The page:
Which current Miami Marlins player could eventually become the team’s manager once he hangs up his cleats and his on-field career?
If Martin Prado was still on the Miami Marlins roster, he would have been a runaway choice as a player who could wind up managing the team he played for or as a skipper for another organization. Now, as the Marlins roster takes shape, one player above everyone else comes to mind to fill that kind of role.
Miguel Rojas is without a doubt the player who one day could stand on the steps of the dugout, making decisions in South Florida. One of the most respected men to put on a Marlins uniform and potentially the leader on the field and in the clubhouse, his leadership offer skipper Don Mattingly another set of eyes and another voice to help groom the youngsters as stars of tomorrow.
I would have grouped Starlin Castro in the mix had he remained with the Miami Marlins organization. His work at the plate, his dependability in playing every day, and his leadership were invaluable last season despite a 57-105 record in 2019.
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The topic of players who could become managers in the future was brought up by Zachary Silver of MLB.com as he examined each team in the National League East. He called upon each beat writer to give their assessment of who fits the future title of all five teams.
"“Who says you have to be a former catcher to become a big-league manager? Someday, Rojas could make the case for ex-shortstops,” writes Joe Frisaro. “Currently, there aren’t too many primary shortstops — or middle infielders, for that matter — who are managing big-league clubs. Ron Gardenhire of the Tigers played short in the big leagues, and Craig Counsell of the Brewers was primarily a second baseman.”"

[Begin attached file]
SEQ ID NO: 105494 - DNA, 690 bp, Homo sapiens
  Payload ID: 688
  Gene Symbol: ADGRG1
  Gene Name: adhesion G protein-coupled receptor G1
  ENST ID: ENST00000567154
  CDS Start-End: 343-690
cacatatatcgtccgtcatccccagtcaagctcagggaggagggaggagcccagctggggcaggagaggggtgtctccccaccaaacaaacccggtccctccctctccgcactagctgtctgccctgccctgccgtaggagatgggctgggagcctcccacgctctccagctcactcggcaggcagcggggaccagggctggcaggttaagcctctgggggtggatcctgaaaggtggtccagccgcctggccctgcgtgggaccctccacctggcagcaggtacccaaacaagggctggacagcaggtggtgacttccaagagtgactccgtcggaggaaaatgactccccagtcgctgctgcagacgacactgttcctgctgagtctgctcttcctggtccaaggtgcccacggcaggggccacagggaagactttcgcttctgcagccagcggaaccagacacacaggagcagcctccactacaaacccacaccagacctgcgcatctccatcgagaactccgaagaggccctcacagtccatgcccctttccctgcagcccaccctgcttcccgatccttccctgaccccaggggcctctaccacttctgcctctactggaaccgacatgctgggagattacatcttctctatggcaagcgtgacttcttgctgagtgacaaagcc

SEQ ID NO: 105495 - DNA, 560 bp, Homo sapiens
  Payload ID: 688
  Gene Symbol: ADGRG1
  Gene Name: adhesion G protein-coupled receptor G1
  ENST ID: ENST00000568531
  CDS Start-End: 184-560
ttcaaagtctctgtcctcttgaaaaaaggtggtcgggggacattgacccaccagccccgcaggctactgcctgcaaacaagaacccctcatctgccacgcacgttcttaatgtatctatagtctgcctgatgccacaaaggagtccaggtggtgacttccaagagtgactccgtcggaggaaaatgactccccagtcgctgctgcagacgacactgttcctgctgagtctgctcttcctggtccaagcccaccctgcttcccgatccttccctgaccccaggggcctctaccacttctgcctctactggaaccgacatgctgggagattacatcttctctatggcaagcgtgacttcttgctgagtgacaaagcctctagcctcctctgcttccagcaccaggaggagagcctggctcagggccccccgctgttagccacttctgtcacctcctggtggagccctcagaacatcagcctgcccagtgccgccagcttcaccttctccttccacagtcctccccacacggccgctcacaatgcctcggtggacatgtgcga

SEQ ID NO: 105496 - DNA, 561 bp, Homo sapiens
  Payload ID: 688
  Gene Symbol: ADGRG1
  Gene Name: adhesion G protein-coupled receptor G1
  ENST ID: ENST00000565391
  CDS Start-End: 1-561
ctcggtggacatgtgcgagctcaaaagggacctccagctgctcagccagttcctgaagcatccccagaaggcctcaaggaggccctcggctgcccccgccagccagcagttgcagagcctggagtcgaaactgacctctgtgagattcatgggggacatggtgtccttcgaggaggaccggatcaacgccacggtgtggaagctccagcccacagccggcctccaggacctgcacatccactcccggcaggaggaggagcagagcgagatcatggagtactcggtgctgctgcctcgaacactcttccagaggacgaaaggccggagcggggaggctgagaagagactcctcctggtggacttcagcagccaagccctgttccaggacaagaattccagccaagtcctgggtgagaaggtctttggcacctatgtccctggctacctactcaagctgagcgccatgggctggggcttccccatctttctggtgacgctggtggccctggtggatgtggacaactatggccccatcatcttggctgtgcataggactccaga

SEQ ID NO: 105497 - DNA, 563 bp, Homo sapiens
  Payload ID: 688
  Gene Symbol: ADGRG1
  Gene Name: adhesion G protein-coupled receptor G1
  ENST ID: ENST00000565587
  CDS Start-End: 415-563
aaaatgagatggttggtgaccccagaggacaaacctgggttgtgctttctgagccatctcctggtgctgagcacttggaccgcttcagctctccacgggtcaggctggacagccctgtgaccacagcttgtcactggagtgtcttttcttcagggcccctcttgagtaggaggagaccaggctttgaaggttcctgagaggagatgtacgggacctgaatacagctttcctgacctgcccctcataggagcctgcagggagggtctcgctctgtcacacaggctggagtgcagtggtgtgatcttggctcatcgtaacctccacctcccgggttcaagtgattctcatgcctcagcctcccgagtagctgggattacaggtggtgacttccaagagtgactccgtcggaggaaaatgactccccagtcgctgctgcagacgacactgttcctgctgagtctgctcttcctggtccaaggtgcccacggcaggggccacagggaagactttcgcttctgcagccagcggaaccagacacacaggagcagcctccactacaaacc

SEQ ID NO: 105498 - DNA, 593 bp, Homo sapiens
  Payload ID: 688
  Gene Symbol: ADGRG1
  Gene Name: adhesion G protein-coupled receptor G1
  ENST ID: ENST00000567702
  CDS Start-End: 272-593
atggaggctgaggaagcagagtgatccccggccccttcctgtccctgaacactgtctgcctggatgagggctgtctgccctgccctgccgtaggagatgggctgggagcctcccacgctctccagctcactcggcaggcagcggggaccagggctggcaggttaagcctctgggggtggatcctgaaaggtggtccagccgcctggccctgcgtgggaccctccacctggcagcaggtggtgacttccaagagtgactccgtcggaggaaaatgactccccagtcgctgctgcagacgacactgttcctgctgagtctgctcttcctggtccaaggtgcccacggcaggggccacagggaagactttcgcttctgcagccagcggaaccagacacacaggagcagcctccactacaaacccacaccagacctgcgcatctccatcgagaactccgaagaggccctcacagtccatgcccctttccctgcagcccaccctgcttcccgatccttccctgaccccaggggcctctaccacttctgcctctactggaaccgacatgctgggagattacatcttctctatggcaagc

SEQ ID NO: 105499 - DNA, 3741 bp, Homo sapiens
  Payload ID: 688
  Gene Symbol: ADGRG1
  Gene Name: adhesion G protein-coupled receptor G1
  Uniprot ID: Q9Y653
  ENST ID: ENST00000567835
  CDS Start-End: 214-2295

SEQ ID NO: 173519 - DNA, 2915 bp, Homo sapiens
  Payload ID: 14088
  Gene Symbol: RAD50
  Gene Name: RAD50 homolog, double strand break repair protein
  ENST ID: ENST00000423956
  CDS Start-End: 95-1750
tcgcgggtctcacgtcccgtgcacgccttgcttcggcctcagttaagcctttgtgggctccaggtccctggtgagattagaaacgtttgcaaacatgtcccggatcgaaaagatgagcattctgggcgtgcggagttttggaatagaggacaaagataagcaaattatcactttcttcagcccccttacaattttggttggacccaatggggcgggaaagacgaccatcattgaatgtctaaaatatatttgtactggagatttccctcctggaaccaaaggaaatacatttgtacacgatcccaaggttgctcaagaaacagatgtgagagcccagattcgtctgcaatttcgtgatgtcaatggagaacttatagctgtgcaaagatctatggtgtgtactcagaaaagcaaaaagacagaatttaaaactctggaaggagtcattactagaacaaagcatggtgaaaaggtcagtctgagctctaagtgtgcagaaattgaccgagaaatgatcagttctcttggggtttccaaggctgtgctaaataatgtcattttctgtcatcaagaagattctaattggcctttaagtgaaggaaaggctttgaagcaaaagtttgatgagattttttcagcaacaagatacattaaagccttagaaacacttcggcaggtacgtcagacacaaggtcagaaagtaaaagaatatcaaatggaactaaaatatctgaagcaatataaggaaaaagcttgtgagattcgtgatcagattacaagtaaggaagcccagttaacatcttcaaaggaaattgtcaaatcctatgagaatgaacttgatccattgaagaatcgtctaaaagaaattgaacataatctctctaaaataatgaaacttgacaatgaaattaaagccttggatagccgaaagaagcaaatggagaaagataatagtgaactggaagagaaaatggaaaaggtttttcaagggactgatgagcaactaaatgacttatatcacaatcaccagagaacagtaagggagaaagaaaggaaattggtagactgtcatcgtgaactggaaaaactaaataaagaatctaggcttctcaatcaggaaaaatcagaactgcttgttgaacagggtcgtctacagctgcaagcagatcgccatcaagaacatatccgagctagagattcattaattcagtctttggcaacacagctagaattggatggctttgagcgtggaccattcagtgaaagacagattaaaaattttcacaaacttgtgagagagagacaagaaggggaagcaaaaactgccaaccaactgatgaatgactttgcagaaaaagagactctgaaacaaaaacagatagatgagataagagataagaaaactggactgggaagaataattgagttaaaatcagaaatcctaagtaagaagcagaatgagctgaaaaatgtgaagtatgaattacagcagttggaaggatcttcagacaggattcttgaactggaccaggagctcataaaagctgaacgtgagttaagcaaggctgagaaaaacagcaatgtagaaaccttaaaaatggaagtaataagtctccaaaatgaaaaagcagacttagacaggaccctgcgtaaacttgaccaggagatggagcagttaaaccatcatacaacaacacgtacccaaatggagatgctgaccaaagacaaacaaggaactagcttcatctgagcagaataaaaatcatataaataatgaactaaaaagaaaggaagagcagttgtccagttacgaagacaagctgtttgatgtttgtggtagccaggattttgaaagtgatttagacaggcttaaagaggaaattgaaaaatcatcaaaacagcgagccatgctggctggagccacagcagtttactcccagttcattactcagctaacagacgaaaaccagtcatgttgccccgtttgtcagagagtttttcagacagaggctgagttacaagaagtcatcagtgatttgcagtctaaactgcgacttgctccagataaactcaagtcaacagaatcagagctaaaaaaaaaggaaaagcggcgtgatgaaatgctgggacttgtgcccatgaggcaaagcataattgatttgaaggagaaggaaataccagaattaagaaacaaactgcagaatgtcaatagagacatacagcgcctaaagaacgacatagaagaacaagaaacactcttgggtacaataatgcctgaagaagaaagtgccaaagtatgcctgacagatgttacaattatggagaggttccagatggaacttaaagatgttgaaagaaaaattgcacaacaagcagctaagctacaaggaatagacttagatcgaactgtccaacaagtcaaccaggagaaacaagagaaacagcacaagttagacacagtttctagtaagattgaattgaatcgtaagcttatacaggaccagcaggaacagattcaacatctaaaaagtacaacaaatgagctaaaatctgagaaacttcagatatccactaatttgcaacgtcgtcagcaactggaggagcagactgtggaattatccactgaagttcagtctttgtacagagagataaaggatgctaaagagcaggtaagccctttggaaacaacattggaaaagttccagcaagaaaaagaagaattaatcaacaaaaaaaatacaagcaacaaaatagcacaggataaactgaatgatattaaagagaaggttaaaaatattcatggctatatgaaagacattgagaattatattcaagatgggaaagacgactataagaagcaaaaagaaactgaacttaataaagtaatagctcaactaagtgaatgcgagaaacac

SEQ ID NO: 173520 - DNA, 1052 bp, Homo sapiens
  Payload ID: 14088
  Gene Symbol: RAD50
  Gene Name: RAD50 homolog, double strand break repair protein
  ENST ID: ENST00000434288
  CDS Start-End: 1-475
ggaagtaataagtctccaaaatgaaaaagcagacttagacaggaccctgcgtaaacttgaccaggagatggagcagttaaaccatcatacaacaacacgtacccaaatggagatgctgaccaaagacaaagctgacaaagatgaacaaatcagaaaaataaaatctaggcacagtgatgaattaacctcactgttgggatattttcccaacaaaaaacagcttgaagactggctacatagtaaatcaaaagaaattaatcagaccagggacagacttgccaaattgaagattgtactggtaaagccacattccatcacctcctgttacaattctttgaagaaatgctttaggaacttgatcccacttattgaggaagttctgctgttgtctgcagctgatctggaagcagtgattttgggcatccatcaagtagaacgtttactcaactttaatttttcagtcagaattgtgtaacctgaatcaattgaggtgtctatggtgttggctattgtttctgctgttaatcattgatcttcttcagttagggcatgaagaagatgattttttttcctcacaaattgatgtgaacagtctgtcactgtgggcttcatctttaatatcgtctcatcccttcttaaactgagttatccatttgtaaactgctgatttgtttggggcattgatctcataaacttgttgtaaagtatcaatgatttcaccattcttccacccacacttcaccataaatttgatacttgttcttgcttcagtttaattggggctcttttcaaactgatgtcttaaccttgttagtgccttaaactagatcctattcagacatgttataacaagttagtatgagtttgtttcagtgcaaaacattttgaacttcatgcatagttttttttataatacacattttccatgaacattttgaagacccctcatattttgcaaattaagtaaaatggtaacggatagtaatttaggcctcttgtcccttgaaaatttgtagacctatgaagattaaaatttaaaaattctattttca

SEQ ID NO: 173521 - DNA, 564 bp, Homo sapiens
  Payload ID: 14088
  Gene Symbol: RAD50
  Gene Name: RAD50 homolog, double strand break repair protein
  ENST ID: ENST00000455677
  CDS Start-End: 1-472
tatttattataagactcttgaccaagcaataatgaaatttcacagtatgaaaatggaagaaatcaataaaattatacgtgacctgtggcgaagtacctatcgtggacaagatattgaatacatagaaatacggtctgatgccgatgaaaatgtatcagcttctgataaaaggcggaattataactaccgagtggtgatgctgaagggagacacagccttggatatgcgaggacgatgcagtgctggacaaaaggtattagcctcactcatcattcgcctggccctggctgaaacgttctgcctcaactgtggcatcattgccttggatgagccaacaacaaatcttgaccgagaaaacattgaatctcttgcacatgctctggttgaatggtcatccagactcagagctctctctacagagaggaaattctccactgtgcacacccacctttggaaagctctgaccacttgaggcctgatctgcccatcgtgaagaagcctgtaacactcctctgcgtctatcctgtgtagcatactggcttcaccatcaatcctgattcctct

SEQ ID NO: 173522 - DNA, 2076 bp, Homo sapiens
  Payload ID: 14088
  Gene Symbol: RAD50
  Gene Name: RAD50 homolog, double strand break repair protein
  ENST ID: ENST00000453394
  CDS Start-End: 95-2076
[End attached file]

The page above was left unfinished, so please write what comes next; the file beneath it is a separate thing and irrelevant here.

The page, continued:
Rojas has a skillset where he doesn’t do one thing exceedingly better than anything else, but he does provide consistency when needed and his versatility makes him someone the young Marlins need to help push through this coming season.
Miami figures once again to be clawing out of the basement of their division. How league play will work out based on a shortened season and how the divisions are aligned have not been determined yet. Rojas and his teammates could see new faces and new rivalries take shape because of how the COVID-19 pandemic has made the MLB front office reassess how to play everyday baseball.
That could have a direct impact on how the 31-year-old is used in the infield.
"“Rojas is arguably the Marlins’ best defensive infielder at any of the four spots. He knows how to play each of the positions, and he knows the game. He has also appeared in left field,” Frisaro adds."
Before the end of last season, the Marlins and Rojas came to terms on a two-year contract extension. He should open the season as the team’s starting shortstop.